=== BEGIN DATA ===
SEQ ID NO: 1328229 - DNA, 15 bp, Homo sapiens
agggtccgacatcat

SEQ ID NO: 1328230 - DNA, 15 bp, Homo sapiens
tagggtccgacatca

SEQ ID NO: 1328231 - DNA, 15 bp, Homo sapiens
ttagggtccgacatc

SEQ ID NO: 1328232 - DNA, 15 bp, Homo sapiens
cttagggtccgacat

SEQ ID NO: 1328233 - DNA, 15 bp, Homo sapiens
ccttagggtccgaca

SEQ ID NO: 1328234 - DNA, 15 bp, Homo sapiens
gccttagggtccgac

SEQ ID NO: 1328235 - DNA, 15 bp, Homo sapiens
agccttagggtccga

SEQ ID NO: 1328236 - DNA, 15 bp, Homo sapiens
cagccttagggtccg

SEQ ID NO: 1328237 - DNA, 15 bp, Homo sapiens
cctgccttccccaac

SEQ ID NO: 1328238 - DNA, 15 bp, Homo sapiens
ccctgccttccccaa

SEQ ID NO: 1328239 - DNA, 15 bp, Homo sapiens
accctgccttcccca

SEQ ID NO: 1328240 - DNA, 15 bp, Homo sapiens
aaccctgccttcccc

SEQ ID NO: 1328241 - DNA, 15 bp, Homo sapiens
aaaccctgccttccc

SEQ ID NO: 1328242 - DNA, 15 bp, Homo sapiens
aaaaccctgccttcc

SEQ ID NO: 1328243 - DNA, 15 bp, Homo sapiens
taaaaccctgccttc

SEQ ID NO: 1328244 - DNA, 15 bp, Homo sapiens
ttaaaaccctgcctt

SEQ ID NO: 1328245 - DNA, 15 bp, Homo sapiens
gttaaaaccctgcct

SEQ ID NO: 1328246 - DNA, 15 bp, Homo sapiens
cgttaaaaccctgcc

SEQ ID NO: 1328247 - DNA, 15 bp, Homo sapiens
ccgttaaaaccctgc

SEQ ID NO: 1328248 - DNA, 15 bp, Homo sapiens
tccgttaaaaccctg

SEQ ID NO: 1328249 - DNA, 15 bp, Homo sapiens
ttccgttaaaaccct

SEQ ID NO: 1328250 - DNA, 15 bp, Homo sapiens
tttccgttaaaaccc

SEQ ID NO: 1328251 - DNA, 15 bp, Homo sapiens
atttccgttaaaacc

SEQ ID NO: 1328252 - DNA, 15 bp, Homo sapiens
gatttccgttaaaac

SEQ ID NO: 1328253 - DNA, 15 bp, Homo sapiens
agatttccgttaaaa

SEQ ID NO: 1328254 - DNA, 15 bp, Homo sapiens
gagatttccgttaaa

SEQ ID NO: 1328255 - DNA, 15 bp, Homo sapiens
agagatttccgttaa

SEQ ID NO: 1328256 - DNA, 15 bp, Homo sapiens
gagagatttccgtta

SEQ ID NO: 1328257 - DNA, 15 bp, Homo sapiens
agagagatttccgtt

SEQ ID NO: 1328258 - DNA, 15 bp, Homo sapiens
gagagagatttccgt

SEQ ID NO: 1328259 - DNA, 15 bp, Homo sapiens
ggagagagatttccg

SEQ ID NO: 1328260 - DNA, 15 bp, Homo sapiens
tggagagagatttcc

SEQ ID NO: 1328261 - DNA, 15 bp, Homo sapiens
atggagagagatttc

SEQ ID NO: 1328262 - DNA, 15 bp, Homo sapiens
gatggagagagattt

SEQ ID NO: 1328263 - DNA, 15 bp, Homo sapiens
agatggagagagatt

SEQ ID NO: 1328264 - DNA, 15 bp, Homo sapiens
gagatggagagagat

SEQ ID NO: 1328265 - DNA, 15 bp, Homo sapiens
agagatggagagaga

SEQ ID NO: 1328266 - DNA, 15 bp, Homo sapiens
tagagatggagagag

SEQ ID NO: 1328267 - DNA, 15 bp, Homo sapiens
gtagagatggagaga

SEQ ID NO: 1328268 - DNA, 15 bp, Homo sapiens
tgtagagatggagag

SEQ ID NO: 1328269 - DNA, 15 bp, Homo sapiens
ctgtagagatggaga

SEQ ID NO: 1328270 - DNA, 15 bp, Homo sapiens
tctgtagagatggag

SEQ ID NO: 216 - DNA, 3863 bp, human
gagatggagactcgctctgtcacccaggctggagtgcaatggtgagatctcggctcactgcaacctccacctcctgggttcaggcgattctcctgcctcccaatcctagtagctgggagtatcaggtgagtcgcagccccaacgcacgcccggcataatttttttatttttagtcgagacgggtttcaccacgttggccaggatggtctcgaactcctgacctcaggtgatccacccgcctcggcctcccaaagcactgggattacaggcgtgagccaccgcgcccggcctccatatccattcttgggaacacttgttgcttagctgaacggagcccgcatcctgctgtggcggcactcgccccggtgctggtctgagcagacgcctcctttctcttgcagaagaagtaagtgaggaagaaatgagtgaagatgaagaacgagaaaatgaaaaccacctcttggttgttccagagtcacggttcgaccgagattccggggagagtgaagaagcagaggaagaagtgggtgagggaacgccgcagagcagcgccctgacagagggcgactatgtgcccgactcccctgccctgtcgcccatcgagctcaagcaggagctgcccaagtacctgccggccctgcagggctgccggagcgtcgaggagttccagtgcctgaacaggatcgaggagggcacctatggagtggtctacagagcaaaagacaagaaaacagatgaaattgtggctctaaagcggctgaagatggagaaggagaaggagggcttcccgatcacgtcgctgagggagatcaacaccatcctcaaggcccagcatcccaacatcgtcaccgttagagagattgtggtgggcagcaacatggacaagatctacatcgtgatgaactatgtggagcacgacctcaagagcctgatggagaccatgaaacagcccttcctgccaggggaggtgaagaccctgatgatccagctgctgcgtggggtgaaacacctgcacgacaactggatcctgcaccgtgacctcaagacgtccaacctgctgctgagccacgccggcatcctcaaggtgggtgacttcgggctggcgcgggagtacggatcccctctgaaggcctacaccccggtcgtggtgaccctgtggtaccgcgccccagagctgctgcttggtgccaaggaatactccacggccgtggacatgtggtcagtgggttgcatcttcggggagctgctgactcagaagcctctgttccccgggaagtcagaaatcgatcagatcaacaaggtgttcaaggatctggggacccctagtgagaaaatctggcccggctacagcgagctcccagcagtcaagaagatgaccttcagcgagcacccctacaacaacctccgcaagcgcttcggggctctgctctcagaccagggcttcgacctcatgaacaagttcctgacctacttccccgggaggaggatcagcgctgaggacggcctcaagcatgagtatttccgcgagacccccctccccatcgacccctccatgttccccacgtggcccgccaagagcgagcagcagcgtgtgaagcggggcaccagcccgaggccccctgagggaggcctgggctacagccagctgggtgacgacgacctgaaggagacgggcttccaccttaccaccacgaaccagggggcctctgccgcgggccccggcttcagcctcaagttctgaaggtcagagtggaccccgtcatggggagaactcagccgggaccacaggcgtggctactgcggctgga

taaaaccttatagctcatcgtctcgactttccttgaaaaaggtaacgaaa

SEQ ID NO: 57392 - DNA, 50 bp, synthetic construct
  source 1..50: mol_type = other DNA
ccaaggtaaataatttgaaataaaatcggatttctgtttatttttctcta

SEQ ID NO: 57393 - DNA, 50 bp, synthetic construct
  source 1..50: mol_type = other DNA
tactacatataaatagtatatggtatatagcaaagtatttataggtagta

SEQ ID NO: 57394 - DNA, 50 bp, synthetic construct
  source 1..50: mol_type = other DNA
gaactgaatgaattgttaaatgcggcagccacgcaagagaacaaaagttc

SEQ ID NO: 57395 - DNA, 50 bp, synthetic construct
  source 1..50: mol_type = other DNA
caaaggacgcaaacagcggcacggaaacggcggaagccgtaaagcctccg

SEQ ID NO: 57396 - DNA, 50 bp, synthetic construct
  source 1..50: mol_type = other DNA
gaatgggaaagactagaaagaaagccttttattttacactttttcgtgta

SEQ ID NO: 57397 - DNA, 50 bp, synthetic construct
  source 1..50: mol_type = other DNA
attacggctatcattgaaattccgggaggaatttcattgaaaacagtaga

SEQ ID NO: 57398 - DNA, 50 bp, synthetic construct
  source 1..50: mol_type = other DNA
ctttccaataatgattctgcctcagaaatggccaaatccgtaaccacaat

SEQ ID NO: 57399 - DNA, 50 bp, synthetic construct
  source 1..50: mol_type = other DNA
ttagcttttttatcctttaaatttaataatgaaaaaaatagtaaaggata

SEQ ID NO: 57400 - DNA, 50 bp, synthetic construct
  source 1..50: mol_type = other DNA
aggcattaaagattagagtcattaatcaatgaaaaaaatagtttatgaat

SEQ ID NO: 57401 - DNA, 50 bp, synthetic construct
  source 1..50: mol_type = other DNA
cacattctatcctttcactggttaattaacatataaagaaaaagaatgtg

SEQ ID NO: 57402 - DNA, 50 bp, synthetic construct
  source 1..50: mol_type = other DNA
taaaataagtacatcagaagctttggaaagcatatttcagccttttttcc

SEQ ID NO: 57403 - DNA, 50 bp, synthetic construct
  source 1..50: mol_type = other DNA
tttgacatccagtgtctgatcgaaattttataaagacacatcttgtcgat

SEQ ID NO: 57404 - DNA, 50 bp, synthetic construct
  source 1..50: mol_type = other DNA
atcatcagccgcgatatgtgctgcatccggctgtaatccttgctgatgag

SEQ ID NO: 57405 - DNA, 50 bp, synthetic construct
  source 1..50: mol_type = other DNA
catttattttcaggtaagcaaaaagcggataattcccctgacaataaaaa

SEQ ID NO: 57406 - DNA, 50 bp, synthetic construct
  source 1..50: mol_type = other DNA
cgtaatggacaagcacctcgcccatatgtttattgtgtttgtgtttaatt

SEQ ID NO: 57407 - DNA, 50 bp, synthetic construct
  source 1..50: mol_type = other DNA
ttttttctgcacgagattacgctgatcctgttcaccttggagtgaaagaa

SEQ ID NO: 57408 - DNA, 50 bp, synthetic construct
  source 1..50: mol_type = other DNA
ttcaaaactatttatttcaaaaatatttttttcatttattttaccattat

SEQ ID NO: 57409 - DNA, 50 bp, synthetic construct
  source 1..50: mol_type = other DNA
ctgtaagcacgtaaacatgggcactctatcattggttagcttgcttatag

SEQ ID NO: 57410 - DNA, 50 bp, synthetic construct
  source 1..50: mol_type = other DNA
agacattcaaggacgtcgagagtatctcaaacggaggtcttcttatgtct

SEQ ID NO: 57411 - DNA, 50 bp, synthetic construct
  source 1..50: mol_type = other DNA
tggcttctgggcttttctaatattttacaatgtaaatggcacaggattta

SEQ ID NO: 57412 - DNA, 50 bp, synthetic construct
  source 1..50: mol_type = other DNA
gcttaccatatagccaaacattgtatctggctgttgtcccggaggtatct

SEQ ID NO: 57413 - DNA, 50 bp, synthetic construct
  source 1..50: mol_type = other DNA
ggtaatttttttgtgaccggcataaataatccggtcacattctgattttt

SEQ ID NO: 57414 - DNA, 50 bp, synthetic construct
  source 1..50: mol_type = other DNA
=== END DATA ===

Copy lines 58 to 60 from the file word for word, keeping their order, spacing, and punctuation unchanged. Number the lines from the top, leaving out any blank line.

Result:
agagagatttccgtt

SEQ ID NO: 1328258 - DNA, 15 bp, Homo sapiens
gagagagatttccgt